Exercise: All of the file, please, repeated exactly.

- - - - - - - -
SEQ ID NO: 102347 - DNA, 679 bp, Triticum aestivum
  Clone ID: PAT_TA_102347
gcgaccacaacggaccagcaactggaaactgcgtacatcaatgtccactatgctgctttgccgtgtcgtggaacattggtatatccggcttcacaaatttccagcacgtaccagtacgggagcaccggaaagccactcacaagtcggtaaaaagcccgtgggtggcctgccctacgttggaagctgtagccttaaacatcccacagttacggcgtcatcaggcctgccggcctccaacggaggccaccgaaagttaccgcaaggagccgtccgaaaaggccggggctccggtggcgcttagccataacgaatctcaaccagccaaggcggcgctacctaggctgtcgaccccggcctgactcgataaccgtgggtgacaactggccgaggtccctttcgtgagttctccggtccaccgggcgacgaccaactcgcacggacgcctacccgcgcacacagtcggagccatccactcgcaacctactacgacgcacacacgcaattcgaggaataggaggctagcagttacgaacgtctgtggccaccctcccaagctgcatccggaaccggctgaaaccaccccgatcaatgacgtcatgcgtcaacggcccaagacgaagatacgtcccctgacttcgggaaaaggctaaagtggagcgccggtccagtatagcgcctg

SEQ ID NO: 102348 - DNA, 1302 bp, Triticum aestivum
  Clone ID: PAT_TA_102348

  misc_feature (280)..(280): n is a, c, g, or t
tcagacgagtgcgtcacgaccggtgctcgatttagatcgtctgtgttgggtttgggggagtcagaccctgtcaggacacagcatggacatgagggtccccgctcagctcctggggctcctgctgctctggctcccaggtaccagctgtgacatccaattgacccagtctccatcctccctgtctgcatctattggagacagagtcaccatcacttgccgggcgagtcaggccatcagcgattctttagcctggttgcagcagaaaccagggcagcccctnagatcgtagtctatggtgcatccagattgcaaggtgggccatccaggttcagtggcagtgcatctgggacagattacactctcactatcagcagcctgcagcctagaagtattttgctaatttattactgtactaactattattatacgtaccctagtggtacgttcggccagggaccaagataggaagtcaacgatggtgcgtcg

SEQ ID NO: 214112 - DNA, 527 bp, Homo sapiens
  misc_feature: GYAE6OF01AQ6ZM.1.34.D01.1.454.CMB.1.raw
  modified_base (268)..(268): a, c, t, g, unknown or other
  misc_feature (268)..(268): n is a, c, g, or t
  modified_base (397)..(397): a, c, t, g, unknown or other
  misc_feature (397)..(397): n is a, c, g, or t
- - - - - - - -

SEQ ID NO: 102347 - DNA, 679 bp, Triticum aestivum
  Clone ID: PAT_TA_102347
gcgaccacaacggaccagcaactggaaactgcgtacatcaatgtccactatgctgctttgccgtgtcgtggaacattggtatatccggcttcacaaatttccagcacgtaccagtacgggagcaccggaaagccactcacaagtcggtaaaaagcccgtgggtggcctgccctacgttggaagctgtagccttaaacatcccacagttacggcgtcatcaggcctgccggcctccaacggaggccaccgaaagttaccgcaaggagccgtccgaaaaggccggggctccggtggcgcttagccataacgaatctcaaccagccaaggcggcgctacctaggctgtcgaccccggcctgactcgataaccgtgggtgacaactggccgaggtccctttcgtgagttctccggtccaccgggcgacgaccaactcgcacggacgcctacccgcgcacacagtcggagccatccactcgcaacctactacgacgcacacacgcaattcgaggaataggaggctagcagttacgaacgtctgtggccaccctcccaagctgcatccggaaccggctgaaaccaccccgatcaatgacgtcatgcgtcaacggcccaagacgaagatacgtcccctgacttcgggaaaaggctaaagtggagcgccggtccagtatagcgcctg

SEQ ID NO: 102348 - DNA, 1302 bp, Triticum aestivum
  Clone ID: PAT_TA_102348

  misc_feature (280)..(280): n is a, c, g, or t
tcagacgagtgcgtcacgaccggtgctcgatttagatcgtctgtgttgggtttgggggagtcagaccctgtcaggacacagcatggacatgagggtccccgctcagctcctggggctcctgctgctctggctcccaggtaccagctgtgacatccaattgacccagtctccatcctccctgtctgcatctattggagacagagtcaccatcacttgccgggcgagtcaggccatcagcgattctttagcctggttgcagcagaaaccagggcagcccctnagatcgtagtctatggtgcatccagattgcaaggtgggccatccaggttcagtggcagtgcatctgggacagattacactctcactatcagcagcctgcagcctagaagtattttgctaatttattactgtactaactattattatacgtaccctagtggtacgttcggccagggaccaagataggaagtcaacgatggtgcgtcg

SEQ ID NO: 214112 - DNA, 527 bp, Homo sapiens
  misc_feature: GYAE6OF01AQ6ZM.1.34.D01.1.454.CMB.1.raw
  modified_base (268)..(268): a, c, t, g, unknown or other
  misc_feature (268)..(268): n is a, c, g, or t
  modified_base (397)..(397): a, c, t, g, unknown or other
  misc_feature (397)..(397): n is a, c, g, or t